project were presented at the international Estuarine Research Federation Conference in November 2007
and will be presented at the Ecological Society of America 2009 summer meeting. They have plans to
contact the SMBRC following the completion of phytoplankton data analysis this spring.
The research team conducted cruises after 4 discrete rain events. They
followed plumes during January 2008 after storms of 3 and 9 cm
precipitation each, and during April and September 2007 after storms
of <1.5 cm precipitation each. They mapped surface stormwater
plumes from Ballona Creek in real time, measured vertical profiles of
physical parameters, and conducted discrete water sampling inside
and outside of plume waters.
After discharge from Ballona Creek, low salinity surface plumes
characterized by increased dissolved nitrogen, organic matter, and light
attenuation persisted in Santa Monica Bay for 2-5 days over spatial
scales of 15 km. Nitrogen inputs associated with stormwater runoff
from major rain events led to significant increases in primary
productivity, phytoplankton biomass and biogenic silica, an indicator of
diatom biomass. Preliminary community composition data show a
strong response of harmful dinoflagellate taxa to nutrient inputs
associated with stormwater runoff, yet there was little change in
phytoplankton community structure with plume development through
time. Because diatoms were initially numerically dominant in coastal
waters prior to all rain events, they outcompeted dinoflagellates for new
nutrients associated with runoff, maintaining densities that accounted            4: Plankton samples.
for over 80% of the phytoplankton community, by cell number.                  Photos courtesy of A. Corcoran.
Because stormwater runoff consistently stimulated phytoplankton production and biomass after major rain
events, researchers suggest that stormwater runoff regulations incorporate dissolved nutrients, namely
total nitrogen, in addition to conventional parameters such as toxins and metals. Regulation of such
nutrients will reduce the potential for major blooms after large precipitation events.
  Proteomics to Develop Phenotypic Biomarkers of Environmental Impacts in Wild
                       Marine Fishes of Southern California
Kevin Kelley, California State University, Long Beach

Previous research has shown that endocrine-disrupting chemicals in the marine environment have
caused physiological disruption, such as changes to reproduction and growth, that may threaten survival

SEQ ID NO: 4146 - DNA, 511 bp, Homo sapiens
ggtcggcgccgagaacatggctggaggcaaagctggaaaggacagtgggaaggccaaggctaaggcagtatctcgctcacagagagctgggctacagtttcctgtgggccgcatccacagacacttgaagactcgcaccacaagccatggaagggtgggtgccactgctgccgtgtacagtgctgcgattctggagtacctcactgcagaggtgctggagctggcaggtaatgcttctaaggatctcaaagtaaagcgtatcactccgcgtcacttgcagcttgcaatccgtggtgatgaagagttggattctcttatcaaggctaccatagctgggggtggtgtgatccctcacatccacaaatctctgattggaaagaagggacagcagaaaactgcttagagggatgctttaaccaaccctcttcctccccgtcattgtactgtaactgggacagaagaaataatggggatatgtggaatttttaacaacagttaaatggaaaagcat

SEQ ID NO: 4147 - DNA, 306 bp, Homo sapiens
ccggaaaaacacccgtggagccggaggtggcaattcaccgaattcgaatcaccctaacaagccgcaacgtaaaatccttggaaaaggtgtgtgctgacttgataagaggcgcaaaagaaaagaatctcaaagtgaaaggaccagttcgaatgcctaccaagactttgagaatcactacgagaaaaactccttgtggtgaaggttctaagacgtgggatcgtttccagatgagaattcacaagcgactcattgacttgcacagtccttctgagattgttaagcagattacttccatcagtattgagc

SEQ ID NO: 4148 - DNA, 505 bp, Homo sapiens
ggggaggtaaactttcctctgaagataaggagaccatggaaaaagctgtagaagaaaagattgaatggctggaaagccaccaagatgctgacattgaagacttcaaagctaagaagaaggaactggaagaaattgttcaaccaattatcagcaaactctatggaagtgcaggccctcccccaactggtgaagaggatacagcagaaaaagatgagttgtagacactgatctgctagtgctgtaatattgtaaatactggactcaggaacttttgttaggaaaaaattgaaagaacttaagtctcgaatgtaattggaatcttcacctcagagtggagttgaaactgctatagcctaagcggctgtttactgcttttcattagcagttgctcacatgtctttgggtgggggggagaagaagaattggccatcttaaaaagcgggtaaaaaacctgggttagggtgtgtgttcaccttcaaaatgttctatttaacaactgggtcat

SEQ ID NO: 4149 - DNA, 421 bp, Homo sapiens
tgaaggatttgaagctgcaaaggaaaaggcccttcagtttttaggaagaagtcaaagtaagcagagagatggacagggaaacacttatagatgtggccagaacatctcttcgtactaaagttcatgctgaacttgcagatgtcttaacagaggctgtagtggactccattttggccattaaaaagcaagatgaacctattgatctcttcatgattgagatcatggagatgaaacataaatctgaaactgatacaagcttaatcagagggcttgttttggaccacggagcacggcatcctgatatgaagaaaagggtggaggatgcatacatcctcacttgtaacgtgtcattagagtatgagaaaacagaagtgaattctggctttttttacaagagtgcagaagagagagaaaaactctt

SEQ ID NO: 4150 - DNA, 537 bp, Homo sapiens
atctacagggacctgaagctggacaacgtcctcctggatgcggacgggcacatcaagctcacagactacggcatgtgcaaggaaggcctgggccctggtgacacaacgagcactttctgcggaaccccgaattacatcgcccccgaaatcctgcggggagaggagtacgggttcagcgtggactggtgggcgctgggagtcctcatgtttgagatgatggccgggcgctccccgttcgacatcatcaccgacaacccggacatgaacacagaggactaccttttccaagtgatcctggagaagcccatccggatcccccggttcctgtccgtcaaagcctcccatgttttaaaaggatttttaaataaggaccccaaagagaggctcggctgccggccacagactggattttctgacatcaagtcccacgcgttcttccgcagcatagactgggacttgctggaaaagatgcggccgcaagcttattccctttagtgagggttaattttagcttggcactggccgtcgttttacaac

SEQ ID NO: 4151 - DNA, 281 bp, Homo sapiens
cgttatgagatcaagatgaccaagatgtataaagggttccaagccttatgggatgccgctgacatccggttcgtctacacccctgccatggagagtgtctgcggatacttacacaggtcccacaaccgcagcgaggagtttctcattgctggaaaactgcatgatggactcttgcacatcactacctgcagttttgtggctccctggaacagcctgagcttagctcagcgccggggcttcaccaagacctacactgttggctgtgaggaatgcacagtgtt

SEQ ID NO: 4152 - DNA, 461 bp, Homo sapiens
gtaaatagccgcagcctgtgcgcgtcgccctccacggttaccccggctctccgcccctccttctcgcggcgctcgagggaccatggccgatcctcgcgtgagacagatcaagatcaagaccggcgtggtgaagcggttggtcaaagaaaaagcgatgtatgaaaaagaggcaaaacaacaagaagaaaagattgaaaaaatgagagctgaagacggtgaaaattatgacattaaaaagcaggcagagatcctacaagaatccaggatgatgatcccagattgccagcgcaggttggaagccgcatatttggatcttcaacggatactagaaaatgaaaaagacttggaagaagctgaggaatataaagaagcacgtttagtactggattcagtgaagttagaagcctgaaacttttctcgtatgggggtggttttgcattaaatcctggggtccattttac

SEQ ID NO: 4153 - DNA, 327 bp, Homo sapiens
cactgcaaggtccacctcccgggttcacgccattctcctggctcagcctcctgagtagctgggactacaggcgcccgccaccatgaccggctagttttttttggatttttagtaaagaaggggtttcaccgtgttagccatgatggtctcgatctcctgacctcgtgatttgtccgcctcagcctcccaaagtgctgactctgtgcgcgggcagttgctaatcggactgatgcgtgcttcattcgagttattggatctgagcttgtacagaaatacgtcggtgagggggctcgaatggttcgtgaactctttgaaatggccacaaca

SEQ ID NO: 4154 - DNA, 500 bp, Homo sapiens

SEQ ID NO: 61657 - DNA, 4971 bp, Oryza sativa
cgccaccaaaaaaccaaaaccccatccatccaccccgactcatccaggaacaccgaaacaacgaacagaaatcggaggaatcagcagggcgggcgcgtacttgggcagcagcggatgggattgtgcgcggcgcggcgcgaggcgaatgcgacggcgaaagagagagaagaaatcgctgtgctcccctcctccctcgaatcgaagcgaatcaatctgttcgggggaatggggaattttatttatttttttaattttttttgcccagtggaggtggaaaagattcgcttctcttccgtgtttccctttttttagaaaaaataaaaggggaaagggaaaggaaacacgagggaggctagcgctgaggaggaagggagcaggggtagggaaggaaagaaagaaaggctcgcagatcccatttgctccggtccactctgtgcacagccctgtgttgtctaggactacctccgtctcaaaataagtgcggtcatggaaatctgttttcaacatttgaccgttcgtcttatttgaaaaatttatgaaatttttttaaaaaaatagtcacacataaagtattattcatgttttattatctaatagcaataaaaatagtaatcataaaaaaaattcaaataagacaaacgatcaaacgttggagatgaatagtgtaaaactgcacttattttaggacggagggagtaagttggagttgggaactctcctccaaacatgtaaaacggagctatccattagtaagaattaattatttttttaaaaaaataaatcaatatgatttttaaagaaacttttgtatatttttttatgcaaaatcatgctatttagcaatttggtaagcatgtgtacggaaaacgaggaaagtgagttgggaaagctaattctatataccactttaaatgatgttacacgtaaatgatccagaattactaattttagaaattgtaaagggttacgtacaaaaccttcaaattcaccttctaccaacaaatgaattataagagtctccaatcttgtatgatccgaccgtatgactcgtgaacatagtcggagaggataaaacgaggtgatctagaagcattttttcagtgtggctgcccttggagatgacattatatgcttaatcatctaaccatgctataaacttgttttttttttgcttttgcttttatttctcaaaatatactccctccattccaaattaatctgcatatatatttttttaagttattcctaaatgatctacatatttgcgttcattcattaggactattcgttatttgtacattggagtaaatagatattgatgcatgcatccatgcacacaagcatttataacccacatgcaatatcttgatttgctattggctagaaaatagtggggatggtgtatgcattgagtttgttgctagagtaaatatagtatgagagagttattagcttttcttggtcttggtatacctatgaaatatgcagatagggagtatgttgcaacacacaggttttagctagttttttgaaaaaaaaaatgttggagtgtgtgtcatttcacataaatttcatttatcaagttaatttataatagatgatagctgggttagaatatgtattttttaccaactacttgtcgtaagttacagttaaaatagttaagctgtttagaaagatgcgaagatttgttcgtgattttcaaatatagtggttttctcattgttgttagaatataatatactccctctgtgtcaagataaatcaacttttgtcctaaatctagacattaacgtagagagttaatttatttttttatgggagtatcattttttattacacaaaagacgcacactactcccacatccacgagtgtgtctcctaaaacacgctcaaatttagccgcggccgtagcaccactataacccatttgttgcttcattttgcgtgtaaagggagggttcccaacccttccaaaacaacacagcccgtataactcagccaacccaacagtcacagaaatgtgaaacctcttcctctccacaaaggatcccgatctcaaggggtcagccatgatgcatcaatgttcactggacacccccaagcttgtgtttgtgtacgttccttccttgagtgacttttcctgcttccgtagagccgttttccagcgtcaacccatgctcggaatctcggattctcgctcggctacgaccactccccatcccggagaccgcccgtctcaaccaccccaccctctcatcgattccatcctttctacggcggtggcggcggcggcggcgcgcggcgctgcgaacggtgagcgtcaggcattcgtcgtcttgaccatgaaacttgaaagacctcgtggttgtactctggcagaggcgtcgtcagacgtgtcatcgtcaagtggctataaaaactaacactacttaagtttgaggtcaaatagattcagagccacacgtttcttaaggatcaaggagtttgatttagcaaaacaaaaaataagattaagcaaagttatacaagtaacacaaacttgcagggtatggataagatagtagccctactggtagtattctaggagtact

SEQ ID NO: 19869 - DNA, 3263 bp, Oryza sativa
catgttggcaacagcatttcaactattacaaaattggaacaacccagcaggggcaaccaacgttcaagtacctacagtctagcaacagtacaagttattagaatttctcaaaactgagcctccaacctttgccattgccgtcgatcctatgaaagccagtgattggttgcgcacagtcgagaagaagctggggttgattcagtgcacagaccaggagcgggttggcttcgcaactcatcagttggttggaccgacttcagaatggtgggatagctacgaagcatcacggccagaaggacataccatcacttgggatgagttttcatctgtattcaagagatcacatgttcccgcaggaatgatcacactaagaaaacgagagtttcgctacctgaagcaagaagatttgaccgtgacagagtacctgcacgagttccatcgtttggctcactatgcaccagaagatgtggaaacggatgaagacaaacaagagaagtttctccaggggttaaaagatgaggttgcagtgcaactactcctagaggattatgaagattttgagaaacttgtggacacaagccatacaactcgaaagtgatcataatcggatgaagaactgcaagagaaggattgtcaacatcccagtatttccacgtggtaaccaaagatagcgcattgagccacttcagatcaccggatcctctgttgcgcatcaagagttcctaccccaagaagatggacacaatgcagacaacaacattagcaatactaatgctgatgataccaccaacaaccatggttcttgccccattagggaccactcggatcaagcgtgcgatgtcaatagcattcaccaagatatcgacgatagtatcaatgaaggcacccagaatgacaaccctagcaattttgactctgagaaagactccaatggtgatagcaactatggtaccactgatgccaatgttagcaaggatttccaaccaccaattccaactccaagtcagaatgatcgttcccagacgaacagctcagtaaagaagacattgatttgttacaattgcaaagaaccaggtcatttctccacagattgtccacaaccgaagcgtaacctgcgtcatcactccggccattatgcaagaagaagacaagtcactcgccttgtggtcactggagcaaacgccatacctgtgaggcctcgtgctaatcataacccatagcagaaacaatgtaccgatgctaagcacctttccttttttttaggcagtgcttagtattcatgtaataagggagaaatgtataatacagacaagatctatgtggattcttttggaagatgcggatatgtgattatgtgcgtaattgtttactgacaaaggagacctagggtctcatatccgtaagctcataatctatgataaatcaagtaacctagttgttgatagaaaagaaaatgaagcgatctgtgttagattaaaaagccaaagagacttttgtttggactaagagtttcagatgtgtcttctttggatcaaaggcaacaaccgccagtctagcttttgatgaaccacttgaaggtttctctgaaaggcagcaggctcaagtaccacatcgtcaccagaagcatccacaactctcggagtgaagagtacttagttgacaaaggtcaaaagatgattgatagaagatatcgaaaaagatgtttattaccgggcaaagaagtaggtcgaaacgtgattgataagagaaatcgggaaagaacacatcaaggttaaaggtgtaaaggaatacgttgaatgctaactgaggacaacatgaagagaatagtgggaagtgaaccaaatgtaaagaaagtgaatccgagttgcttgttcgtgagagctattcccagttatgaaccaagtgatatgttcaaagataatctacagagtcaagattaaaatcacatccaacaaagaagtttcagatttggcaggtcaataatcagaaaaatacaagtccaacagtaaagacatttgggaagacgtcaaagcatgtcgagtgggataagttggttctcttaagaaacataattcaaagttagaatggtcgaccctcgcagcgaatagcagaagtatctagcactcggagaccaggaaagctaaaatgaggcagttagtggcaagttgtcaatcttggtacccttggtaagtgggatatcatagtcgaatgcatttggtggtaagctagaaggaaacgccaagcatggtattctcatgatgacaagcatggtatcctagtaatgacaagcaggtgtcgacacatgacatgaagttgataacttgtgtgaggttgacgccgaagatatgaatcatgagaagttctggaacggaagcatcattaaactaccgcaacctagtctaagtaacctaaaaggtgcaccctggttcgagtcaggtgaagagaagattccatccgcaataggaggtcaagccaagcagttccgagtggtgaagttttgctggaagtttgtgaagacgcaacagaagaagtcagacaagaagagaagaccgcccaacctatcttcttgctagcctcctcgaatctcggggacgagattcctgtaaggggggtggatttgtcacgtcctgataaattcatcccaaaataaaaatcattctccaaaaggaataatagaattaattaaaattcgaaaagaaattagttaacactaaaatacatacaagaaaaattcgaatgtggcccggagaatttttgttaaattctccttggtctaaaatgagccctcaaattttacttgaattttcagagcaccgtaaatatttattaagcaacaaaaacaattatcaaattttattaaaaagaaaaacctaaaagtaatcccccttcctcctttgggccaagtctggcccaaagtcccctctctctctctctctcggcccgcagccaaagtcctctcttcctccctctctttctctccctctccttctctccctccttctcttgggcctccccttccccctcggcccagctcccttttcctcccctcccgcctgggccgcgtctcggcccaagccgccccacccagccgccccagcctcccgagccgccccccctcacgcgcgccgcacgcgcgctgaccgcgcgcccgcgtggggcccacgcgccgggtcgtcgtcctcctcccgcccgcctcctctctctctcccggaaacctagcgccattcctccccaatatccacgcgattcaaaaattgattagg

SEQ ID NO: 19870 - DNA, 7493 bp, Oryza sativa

in a variety of different fish species within the Southern California Bight. However, most studies to date
that have monitored these types of impacts to fish have used a single or limited set of biomarkers. The
researchers will develop more powerful diagnostic tools using a protein expression profile, or “fingerprint,”
that will enhance assessment and understanding of environmental effects in marine organisms.
This project brings together academic research
laboratories offering expertise in fish endocrine
physiology and toxicology, proteomics, and trace
chemical analysis, with an important regional WWTP
(Orange County Sanitation District) with expertise in
the environmental and ecological aspects of the study
sites. OCSD contributes a significant environmental
data set taken at the same time the animals are
sampled (in addition to providing substantial historical
data) and they are providing more than half of the cost
match to support a successful outcome in this work.
The research programs of the P.I.s maintain ongoing,
important collaborations with key regional agencies
and the outcome of this work (development of
effective diagnostic and screening tools) will be
disseminated to them and hopefully incorporated into         5: Field collection of fish onboard M/V Nerissa with
ongoing environmental monitoring efforts.                  staff from the Orange County Sanitation District Ocean
Updates:                                                                      Monitoring Division.
In collaboration with the OCSD, 20-25 wild English sole were collected per
study site: the OCSD outfall off Newport Beach, the OCSD reference (“far-
field”) location off Bolsa Chica, and an EPA reference location off Dana
Point. Fish from each site exhibit distinct patterns of tissue-accumulated
contaminants, with Dana Point exhibiting the lowest overall contaminant